64% Of Ghanaians Support Prosecution Of Corrupt Officials

A report by research network Afrobarometer has revealed that 64℅ of Ghanaians want the government to name, shame and prosecute officials who have misappropriated state funds.

The 2,400 respondents were emphatic they want government to retrieve monies wrongfully taken from the state kitty.
About 22% favour government’s retrieval of stolen funds without prosecution while 9% would opt for prosecution without retrieval of stolen funds.

The study spanned seven days and was conducted to test public perception about government policies.
The report, released yesterday, said there is a growing trend where incumbent governments threaten to prosecute past officials while ignoring corrupt practices of its appointees.

The recent bribery claim levelled by pro-NPP musician A-Plus against the two Deputy Chiefs of Staff was listed as one of the corruption-related allegations that have surfaced this year.

There is also the perception that some “informal leaders, public and private sector officials” are also corrupt.
But the perception is worse for public officials, the Afrobarometer study has said.

The Round 7 report, launched by the Center for Democratic Development (CDD), said “most Ghanaians perceive some informal leaders, public and private sector officials as corrupt. The perception is worse for officials in the public sector,” the report said.

“Most Ghanaians think that governments over the years have been very swift in prosecuting and punishing corrupt officials belonging to opposition parties. Nevertheless, majority believe the current government performed well in fighting corruption,” it said.

The Afrobarometer was conducted to find out on what Ghanaian citizens thought about the fight against illegal mining, mob justice, political party vigilantism and corruption in the country. 

Moreover, on corruption, 59% Ghanaians said most or all police officials are corrupt; 38%, judges and magistrates; 35%, national government officials; and 32% for Members of Parliament.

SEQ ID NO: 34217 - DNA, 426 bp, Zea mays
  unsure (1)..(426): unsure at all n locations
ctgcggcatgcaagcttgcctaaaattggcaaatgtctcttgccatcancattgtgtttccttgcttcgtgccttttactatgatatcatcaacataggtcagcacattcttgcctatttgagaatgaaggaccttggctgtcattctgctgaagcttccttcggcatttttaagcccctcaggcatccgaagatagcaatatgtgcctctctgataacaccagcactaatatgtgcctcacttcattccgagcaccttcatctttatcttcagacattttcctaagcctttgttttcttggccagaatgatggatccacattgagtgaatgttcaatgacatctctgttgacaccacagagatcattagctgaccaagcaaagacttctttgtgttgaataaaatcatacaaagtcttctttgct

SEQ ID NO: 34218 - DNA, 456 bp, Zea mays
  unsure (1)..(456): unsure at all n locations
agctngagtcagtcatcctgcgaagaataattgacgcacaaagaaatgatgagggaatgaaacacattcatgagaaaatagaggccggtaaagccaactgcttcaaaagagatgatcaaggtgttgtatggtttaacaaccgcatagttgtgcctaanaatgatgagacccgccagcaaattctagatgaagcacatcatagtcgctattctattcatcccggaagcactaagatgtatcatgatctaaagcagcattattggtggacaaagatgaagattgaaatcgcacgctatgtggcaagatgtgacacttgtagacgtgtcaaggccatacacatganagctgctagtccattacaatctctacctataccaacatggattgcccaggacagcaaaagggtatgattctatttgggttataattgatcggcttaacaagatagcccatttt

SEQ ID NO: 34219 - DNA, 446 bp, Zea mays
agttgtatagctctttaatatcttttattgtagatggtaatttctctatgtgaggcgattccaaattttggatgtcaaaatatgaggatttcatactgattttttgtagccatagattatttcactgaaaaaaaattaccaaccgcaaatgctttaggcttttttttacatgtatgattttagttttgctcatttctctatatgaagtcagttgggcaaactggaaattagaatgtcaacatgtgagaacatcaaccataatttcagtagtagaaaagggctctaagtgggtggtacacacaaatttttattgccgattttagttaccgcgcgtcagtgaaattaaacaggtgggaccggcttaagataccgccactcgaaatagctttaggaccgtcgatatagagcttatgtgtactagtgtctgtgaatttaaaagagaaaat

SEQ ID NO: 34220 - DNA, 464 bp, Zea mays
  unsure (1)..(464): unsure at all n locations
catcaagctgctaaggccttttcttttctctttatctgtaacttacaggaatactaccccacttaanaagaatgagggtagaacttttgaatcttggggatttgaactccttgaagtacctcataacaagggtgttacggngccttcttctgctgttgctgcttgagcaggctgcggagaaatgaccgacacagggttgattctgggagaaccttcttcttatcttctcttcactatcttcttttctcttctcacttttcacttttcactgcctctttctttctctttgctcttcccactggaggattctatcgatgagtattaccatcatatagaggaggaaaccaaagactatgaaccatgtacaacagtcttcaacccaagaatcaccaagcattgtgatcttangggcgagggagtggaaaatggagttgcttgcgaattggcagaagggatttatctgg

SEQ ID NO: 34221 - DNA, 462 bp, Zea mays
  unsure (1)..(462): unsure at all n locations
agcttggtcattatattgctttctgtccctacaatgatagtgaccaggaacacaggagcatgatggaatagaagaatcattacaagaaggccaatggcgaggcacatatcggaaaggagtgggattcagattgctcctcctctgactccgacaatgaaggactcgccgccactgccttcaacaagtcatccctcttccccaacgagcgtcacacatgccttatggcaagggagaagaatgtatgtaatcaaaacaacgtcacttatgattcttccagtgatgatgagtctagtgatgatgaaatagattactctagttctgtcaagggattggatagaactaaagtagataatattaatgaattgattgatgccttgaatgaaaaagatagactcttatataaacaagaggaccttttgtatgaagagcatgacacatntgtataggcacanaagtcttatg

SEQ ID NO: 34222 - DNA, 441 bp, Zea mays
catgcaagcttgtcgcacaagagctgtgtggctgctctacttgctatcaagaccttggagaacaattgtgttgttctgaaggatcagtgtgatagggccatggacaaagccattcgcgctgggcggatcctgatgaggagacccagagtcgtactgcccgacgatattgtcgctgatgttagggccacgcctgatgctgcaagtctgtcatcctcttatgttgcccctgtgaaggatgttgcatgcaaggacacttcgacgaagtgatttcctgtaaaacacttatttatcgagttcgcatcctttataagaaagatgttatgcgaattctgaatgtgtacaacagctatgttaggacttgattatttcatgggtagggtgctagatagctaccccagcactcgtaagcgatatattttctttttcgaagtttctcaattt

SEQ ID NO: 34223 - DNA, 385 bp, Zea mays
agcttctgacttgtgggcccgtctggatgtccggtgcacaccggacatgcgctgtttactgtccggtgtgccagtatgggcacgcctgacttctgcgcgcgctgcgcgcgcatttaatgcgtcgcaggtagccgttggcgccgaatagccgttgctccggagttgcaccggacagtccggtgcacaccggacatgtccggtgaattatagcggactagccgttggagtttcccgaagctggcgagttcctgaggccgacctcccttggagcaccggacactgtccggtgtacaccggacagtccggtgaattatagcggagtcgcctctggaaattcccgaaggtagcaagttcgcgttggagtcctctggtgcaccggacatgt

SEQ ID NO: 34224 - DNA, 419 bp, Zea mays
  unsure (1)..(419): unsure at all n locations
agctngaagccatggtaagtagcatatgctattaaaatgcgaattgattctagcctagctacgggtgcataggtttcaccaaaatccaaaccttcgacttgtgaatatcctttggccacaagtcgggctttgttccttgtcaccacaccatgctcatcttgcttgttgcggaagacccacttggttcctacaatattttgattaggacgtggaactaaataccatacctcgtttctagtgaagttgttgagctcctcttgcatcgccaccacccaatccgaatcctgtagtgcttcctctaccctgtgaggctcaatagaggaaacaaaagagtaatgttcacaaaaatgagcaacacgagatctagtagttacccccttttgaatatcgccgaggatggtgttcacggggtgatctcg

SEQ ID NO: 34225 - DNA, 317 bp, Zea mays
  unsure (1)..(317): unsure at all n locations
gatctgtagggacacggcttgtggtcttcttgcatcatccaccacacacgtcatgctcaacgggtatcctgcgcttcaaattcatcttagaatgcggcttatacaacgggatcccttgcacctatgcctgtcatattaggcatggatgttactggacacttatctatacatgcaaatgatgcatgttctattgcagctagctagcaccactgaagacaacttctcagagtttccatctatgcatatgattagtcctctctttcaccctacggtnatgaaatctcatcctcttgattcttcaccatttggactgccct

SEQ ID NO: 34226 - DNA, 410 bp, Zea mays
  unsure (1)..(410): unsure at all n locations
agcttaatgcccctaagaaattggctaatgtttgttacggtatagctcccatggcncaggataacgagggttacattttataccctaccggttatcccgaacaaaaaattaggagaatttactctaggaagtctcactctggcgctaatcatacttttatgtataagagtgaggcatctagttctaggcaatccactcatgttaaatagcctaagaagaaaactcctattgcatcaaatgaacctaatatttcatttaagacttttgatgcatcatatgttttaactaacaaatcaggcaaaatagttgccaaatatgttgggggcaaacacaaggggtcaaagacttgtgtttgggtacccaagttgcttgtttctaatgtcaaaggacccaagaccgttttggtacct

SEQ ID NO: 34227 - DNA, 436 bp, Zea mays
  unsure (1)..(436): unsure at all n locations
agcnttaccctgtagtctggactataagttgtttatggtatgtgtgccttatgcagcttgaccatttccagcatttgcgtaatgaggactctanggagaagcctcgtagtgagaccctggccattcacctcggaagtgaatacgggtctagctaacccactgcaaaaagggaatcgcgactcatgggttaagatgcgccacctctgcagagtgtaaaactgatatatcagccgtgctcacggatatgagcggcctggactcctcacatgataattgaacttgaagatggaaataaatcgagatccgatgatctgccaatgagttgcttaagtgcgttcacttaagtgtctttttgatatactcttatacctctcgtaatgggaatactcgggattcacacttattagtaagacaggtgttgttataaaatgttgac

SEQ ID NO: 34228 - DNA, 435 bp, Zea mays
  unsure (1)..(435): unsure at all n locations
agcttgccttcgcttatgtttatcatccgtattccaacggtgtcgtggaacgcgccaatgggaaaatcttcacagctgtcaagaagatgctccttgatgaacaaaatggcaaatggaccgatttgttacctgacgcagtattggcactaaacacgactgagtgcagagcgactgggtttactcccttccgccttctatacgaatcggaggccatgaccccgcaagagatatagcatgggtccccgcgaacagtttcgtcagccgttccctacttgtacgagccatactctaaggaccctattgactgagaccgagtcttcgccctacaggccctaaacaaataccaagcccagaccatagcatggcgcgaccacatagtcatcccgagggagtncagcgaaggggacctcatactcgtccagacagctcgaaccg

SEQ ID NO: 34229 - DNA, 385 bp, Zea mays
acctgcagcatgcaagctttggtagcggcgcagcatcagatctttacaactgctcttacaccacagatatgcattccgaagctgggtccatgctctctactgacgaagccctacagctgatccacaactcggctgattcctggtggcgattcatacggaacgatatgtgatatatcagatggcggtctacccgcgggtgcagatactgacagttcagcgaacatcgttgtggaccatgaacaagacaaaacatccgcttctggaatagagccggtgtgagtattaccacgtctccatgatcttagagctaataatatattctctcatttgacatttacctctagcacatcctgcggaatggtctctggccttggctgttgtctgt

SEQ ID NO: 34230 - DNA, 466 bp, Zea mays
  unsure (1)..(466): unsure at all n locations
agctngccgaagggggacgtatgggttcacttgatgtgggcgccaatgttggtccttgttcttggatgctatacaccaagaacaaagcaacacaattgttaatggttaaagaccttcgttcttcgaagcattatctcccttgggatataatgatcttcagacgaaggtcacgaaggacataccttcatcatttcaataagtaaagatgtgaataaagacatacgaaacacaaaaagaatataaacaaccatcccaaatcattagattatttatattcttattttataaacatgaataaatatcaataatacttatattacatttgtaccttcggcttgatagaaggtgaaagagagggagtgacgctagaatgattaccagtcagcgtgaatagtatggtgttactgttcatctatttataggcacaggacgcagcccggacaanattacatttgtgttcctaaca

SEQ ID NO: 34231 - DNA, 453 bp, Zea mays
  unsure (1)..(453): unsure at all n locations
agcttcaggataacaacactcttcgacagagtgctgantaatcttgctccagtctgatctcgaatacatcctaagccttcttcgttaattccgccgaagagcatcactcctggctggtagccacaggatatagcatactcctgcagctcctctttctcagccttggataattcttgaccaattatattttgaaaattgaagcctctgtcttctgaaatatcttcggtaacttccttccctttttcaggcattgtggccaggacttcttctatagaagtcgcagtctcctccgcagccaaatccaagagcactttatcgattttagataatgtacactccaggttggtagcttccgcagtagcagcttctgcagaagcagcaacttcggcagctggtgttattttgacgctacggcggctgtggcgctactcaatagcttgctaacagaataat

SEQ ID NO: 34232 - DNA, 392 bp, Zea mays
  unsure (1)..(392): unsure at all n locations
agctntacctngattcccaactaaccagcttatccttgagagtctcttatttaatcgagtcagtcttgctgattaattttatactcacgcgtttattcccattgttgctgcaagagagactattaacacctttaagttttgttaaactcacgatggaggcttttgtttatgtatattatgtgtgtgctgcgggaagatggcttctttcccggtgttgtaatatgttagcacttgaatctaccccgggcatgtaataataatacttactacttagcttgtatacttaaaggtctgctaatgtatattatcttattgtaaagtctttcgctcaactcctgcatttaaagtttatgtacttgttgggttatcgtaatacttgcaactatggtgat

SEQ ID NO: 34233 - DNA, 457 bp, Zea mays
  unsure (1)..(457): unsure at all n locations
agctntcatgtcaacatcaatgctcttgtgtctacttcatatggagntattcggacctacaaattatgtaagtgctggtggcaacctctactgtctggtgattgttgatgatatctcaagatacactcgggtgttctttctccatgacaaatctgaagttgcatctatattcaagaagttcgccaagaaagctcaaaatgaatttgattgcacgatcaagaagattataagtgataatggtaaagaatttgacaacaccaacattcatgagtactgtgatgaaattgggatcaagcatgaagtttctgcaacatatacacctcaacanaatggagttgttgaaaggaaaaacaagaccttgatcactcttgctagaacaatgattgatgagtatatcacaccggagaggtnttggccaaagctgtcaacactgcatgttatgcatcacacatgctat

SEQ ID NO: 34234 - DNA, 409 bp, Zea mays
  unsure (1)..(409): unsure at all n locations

On illegal mining, the survey, presented by Daniel Armah-Attoh, revealed that Ghanaians disapproved of galamsey and endorsed alternative livelihood support by the government. 

It came out that 74% of Ghanaians said no citizen should be permitted to engage in illegal small-scale mining or ‘galamsey’ for any reason. 

Eight out of the 10 Ghanaians approve of the government’s performance in clamping down on illegal small-scale mining.
Opposition to small-scale mining was weakest in the Upper East, Northern and Upper West regions.
Also, 80% approve of the idea that the government should be responsible for providing alternative livelihoods for former ‘galamseyers’.

However, both rejection of ‘galamsey’ and approval of government performance are somewhat stronger among urban residents than their rural counterparts. 

In conclusion, Ghanaians strongly support the government’s effort to eliminate illegal small-scale mining, according to the Afrobarometer.

On the findings on party vigilantism and mob ‘justice’ in media during the survey, it indicated that most Ghanaians believe it is wrong and punishable for party vigilantes to attack government appointees whose appointments they disagree with, as well as destroy state properties.

Most citizens approved of government prosecuting and punishing political party vigilantes without favour. In addition, majority of Ghanaians believe only the police should deal with suspected criminals.

Former Commissioner of the Commission on Human Rights and Administrative Justice, Justice Emile Short stated that the increase in the levels of corruption from 2002 till date in our state institutions is due to the weak institutions which are supposed to fight corruption. According to Short, Ghanaians don’t take corruption serious, and the way multi-party system in Ghana is practiced promotes corruption. 

He said there should be a radical action from the government to fight corruption in the state institutions, as well as massive sensitisation of the public in fighting corruption.